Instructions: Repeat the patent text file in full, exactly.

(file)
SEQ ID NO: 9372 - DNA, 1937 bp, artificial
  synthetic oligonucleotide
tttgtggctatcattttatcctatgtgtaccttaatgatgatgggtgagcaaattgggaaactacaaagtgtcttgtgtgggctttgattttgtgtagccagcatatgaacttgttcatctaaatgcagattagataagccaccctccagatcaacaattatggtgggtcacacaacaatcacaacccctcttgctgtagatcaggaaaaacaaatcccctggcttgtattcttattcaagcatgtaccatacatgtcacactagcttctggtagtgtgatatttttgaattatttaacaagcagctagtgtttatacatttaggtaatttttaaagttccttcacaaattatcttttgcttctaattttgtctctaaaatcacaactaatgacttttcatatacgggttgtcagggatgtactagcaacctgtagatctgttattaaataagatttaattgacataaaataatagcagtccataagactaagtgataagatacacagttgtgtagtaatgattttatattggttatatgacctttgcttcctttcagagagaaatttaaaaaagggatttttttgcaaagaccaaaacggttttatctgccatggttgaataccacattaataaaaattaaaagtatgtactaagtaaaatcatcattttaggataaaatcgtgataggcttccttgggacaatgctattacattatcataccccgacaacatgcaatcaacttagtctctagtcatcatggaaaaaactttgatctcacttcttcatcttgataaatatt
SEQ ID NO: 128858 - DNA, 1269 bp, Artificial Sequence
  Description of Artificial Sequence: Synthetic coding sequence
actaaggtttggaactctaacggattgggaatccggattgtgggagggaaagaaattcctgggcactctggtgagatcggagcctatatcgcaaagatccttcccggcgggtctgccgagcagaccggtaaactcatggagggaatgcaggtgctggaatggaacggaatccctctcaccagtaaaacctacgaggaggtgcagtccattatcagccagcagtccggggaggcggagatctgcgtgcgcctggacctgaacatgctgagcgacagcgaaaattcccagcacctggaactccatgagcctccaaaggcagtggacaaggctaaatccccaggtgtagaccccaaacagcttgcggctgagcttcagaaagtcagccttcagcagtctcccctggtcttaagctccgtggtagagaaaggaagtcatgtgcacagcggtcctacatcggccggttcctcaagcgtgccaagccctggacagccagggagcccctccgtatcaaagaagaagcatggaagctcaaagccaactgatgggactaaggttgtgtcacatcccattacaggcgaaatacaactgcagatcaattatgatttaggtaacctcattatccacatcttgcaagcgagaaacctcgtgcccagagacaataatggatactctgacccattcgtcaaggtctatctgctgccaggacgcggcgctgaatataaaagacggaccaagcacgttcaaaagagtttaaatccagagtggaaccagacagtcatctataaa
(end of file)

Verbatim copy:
SEQ ID NO: 9372 - DNA, 1937 bp, artificial
  synthetic oligonucleotide
tttgtggctatcattttatcctatgtgtaccttaatgatgatgggtgagcaaattgggaaactacaaagtgtcttgtgtgggctttgattttgtgtagccagcatatgaacttgttcatctaaatgcagattagataagccaccctccagatcaacaattatggtgggtcacacaacaatcacaacccctcttgctgtagatcaggaaaaacaaatcccctggcttgtattcttattcaagcatgtaccatacatgtcacactagcttctggtagtgtgatatttttgaattatttaacaagcagctagtgtttatacatttaggtaatttttaaagttccttcacaaattatcttttgcttctaattttgtctctaaaatcacaactaatgacttttcatatacgggttgtcagggatgtactagcaacctgtagatctgttattaaataagatttaattgacataaaataatagcagtccataagactaagtgataagatacacagttgtgtagtaatgattttatattggttatatgacctttgcttcctttcagagagaaatttaaaaaagggatttttttgcaaagaccaaaacggttttatctgccatggttgaataccacattaataaaaattaaaagtatgtactaagtaaaatcatcattttaggataaaatcgtgataggcttccttgggacaatgctattacattatcataccccgacaacatgcaatcaacttagtctctagtcatcatggaaaaaactttgatctcacttcttcatcttgataaatatt
SEQ ID NO: 128858 - DNA, 1269 bp, Artificial Sequence
  Description of Artificial Sequence: Synthetic coding sequence
actaaggtttggaactctaacggattgggaatccggattgtgggagggaaagaaattcctgggcactctggtgagatcggagcctatatcgcaaagatccttcccggcgggtctgccgagcagaccggtaaactcatggagggaatgcaggtgctggaatggaacggaatccctctcaccagtaaaacctacgaggaggtgcagtccattatcagccagcagtccggggaggcggagatctgcgtgcgcctggacctgaacatgctgagcgacagcgaaaattcccagcacctggaactccatgagcctccaaaggcagtggacaaggctaaatccccaggtgtagaccccaaacagcttgcggctgagcttcagaaagtcagccttcagcagtctcccctggtcttaagctccgtggtagagaaaggaagtcatgtgcacagcggtcctacatcggccggttcctcaagcgtgccaagccctggacagccagggagcccctccgtatcaaagaagaagcatggaagctcaaagccaactgatgggactaaggttgtgtcacatcccattacaggcgaaatacaactgcagatcaattatgatttaggtaacctcattatccacatcttgcaagcgagaaacctcgtgcccagagacaataatggatactctgacccattcgtcaaggtctatctgctgccaggacgcggcgctgaatataaaagacggaccaagcacgttcaaaagagtttaaatccagagtggaaccagacagtcatctataaa